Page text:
Clean Energy Infrastructure Funding [DOE; grants ongoing] With more than $97B in investments through the Bipartisan Infrastructure Law and the Inflation Reduction Act, the DOE Clean Energy Infrastructure program is focused on the rapid commercialization, demonstration and deployment of clean energy technologies. Explore open FOAs HERE and subscribe to the newsletter HERE.
Climate Resilience Accelerator [NOAA] This new $60M IRA-supported funding opportunity seeks to fund accelerator groups that will, in turn, provide grants to businesses navigating commercialization pathways for ocean-based climate resilience solutions to help communities build resilience to climate challenges. The goal is to support the development of innovative early to mid-stage businesses with training, resources, mentorship, and seed funding, with the ultimate aim of bringing products to market. Explore more HERE, and view the FOA HERE.
Consumer Electronics Battery Recycling, Reprocessing, and Battery Collection Funding. [DOE, annual] DOE’s $125M funding opportunity is part of the $7B authorized by the Bipartisan Infrastructure Law to grow and secure America’s battery supply chain. Eligible projects include the technologies that improve the economics of recycling consumer electronics batteries, and those that support and incentivize collection. Climate tech companies can be the prime applicant, but multi-disciplinary teams are encouraged. For more information, go HERE.
Energy Efficiency and Renewable Energy (EERE) Grants [DOE; grants ongoing] The EERE program releases FOAs covering transportation, energy, water and buildings. Project selections are competitive and merit-based, with funding criteria based on potential energy, environmental and economic benefits. Explore open FOAs and subscribe to the newsletter HERE.
SBIR Grants EPA (annual program; expected to re-open Q2 2024) As part of the Small Business Innovation Research (SBIR) program, the U.S. Environmental Protection Agency releases annual requests for proposals from small businesses to develop environmental technologies in topic areas identified as priorities. Check in on the latest program priorities (HERE) and subscribe to the newsletter (HERE) to be alerted when new funding opportunities go live.
SBIR Grants DOE (annual; applications for FY24 due Oct. 10, 2023) The Department of Energy’s SBIR Program releases FOAs for areas of interest to the DOE. The DOE’s SBIR has three phases: Phase I explores feasibility, providing awards up to $250,000. Phase II awards up to $1,600,000 over 2 years. And phase III may award non-competitive, follow-on grants or contracts for products or processes. Explore current priorities (HERE) and subscribe to the newsletter HERE.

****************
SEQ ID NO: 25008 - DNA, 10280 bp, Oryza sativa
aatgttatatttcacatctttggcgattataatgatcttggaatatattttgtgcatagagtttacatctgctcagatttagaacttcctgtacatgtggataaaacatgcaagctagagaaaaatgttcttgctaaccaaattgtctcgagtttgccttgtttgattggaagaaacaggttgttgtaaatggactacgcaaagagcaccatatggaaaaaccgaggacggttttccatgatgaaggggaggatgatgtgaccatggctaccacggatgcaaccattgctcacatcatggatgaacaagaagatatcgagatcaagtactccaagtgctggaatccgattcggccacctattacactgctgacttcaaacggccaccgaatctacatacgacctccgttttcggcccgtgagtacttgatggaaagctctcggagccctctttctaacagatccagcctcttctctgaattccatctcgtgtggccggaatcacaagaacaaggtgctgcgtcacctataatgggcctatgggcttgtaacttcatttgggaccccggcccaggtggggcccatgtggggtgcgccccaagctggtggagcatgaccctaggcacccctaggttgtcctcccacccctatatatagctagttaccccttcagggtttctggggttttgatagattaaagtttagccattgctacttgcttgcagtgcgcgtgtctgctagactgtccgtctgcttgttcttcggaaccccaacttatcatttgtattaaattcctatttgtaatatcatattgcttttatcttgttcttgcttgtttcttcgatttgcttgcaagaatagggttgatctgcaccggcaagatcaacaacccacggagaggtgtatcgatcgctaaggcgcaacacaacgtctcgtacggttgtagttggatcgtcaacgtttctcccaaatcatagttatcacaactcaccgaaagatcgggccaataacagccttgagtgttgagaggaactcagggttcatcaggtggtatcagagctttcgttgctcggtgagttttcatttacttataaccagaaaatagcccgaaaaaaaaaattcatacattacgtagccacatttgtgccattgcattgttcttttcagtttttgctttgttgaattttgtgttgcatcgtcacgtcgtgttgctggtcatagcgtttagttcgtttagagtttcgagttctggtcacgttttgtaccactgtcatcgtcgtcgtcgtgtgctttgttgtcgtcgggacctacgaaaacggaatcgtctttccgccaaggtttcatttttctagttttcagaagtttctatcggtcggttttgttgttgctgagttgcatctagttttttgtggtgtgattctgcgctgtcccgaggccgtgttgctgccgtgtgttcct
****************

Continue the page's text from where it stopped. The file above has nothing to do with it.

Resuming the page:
Vehicle Technology Office (VTO) Program-Wide FOA (annual; expected to re-open Q2 2024) The VTO FOA provides funding to advance research, development, demonstration and deployment in several areas critical to achieving net-zero greenhouse gas emissions by 2050. Focus areas are updated annually and cover reduction of weight and cost of batteries, reduction in life cycle emissions of advanced lightweight materials, reduced costs and advanced technologies for both on- and off-road vehicle charging and infrastructure, innovative public transit solutions, and training to increase deployment of these technologies among diverse communities. For more information, go HERE.
Greenhouse Gas Reduction Fund (GGRF) [EPA] The GGRF is a $27B dollar fund that prioritizes funding projects in historically underserved communities through three program areas:
The GGRF applications are currently open, with SfA applications due in late September, and CCIA and NCIF applications due in October. Climate tech companies interested in this funding should first ensure they are developing meaningful partnerships with community benefit nonprofit organizations to co-create projects. Next, companies should keep an eye on who wins the funding and establish relationships with those groups. It is expected that subgrants and financing will begin to be distributed in late Spring or early Summer 2024.
This summary acts as a starting point, but other trackers and databases are keeping tabs on the details of different funding opportunities. Find more info on tax credits, J40, and grant programs below.
Special thanks to Avra van der Zee (COO), Christina Angelides (Managing Director of the Policy Lab), Theresa Garner (Managing Director of Communications & Creative), and Melinda Hanson (Policy Lab Entrepreneur in Residence) at Elemental Excelerator, a nonprofit investor in climate technology with deep community impact.
Found this guide helpful? Check out much more from Elemental’s Policy Lab including toolkits and building blocks for equity- and community-centered project implementation, such as the Mayor’s Toolkit for Local Climate Action. And look out for more from CTVC shortly on cracking other tranches of the Climate Capital Stack.